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Vizio Di Forma (2009)

Vizio di forma (2009)

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3.69 of 5 Votes: 4
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8806202820 (ISBN13: 9788806202828)

About book Vizio Di Forma (2009)

4.5 stars ... In thinking about what to rate this novel - which I thoroughly enjoyed - I went down a mental rabbit hole not unlike those encountered by our protagonist Doc Sportello and the assorted hippies, seekers, and burnouts that he meets in the pages of Inherent Vice. Does 5 stars mean its the best book I've ever read? What if I like the next book better? Do I have to go back and change this rating? Trying to describe the plot (which begins with Doc looking for his ex-girlfriend's missing new lover) is both pointless and impossible, but suffice it to say Pynchon has written a pointed, moving, and very funny account of the end of the 1960's counterculture dream. There is a great deal of affection in this novel for places and people that feel like shadows of a time when American society was balanced on an edge between something wonderful and the corporate/political Surveillance Culture we live in now. Inherent Vice is set at the end of the '60s but it's full of foreboding about the times we live in now, and that is both its genius and its power. Highly recommended. I have to get a few things out of the way before I start this review. I don't care about the 60's. I really don't. I've been force-fed so many nostalgia-tinged memories of hippy and freak culture that I'm bored of it. I also do not really know noir that well, though I intend to recitiy that this year. Finally, this is my first Pynchon novel. Inherent Vice has a couple of pretty major problems. These are the characters and the plot. There are a lot of characters. The main thing that differentiates them are their surreal names—a hallmark of Pynchon's writing, I believe. One or two feature one exaggerated personality trait, but ultimately the characters blend together so badly that it often took me a few paragraphs to remember who they were and why Doc, the protagonist, was talking to them. And then there are the female characters. These are all essentially interchangeable, and are differentiated almost entirely by what sexual act they're interested in. There's the anal sex one, the threesome one, the one Doc is having sex with, the one Doc used to have sex with, the stripper, & the bisexual maid. Now, I understand that characters are not necessarily what noir is about. Noir revolves around crazy intertwining plot lines. Inherent Vice has some of those. Unfortunately, the plot is generally incoherent, and comes together quickly and relatively uninterestingly. That said, this book is enjoyable at times when read moment by moment, scene by scene, with no eye to the big picture. The humour is sometimes insightful and rather funny and cutting. Unfortunately, by the mid-point of the book I was deeply bored with being flung from one "whacky," second-rate Hunter S. Thompson moment to the next, & basically done with Doc, whose personality, tone and mode of speech change almost entirely depending on who he is speaking to. This was not a great book. It got 3 stars instead of 2 because the first 100-odd pages were legitimately enjoyable. The rest not so much. As for my first experience with Pynchon, I'm not really impressed. This book at least felt like he was more concerned with making obscure references to genre and 60's icons and moments than creating characters or a worthwhile plot. I'm going to read one of his earlier books, as I realize this is him working in an unfamiliar genre.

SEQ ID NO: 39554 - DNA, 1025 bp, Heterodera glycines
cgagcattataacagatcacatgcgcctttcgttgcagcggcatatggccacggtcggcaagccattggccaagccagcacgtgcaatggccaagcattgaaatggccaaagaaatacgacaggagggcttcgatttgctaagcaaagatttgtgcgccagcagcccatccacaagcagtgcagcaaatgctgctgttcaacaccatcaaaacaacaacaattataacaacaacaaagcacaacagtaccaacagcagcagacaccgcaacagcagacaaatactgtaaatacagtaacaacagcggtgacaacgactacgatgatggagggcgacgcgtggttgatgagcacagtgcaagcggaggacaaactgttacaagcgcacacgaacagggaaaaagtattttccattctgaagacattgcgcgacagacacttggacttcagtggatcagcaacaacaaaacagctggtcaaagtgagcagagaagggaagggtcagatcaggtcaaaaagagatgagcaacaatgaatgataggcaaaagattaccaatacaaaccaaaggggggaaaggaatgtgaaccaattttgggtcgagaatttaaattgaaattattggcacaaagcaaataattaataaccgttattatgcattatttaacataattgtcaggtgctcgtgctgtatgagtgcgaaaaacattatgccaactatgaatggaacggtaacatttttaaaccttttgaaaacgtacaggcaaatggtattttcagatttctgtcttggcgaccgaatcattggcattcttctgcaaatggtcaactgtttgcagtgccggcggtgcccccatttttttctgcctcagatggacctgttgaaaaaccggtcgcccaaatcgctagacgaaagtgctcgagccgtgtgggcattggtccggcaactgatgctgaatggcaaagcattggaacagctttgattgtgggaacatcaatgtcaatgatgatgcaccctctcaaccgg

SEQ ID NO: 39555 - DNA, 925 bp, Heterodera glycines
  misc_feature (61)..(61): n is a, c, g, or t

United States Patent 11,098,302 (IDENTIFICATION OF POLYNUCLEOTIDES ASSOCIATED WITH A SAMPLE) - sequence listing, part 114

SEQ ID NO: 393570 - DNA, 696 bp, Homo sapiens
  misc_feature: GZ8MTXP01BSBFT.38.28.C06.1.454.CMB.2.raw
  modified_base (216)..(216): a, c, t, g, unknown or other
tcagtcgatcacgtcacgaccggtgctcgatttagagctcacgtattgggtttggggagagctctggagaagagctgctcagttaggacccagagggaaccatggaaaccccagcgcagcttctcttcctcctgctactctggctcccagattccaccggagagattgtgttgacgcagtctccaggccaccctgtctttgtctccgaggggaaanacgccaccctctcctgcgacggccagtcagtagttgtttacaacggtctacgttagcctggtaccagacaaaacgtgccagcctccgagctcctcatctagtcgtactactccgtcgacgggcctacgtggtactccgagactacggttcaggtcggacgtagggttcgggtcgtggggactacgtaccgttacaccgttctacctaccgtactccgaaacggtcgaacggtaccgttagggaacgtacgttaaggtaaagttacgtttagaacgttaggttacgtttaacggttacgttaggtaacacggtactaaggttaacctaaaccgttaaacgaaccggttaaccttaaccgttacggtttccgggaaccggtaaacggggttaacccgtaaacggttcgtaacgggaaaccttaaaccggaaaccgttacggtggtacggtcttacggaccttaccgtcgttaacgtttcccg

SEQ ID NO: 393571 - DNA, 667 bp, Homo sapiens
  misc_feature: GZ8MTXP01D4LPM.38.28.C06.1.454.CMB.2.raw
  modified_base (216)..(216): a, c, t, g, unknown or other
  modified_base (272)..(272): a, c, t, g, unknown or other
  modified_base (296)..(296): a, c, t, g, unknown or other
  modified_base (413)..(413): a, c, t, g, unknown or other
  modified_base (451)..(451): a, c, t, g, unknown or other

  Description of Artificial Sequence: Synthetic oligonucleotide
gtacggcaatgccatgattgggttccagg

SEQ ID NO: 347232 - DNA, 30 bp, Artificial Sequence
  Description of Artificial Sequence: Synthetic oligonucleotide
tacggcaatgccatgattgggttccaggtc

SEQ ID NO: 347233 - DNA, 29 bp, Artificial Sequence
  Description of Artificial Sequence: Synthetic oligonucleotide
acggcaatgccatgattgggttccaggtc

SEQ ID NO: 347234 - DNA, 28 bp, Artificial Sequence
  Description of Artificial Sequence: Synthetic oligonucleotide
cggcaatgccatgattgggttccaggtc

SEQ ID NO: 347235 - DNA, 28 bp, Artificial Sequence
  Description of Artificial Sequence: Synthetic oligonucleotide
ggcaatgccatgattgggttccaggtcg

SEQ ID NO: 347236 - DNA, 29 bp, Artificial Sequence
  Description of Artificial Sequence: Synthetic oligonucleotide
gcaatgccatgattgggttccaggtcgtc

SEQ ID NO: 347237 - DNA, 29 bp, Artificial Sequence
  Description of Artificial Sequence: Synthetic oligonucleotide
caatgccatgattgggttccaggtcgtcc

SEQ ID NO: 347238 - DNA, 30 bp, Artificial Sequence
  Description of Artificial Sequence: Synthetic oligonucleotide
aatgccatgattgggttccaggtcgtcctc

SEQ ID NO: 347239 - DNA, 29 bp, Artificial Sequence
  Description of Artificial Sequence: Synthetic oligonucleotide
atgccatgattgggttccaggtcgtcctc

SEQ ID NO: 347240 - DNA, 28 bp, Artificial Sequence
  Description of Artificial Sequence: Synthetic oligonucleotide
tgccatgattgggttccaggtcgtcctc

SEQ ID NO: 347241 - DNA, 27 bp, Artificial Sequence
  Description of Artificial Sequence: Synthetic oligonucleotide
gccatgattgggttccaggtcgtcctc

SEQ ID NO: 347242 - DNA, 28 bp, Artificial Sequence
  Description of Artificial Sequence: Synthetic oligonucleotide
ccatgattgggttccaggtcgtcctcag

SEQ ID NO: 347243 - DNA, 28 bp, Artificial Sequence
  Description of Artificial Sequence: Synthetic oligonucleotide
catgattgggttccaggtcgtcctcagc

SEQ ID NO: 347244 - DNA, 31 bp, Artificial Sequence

Do You like book Vizio Di Forma (2009)?

I'm curious to see this on the screen. Some funny bits and riffs but mostly a snooze for me.

'sledge was right, you are one crazy white motherfucker.''how can you tell?''i counted.'

"The Big Lebowski" meets "Gravity's Rainbow."

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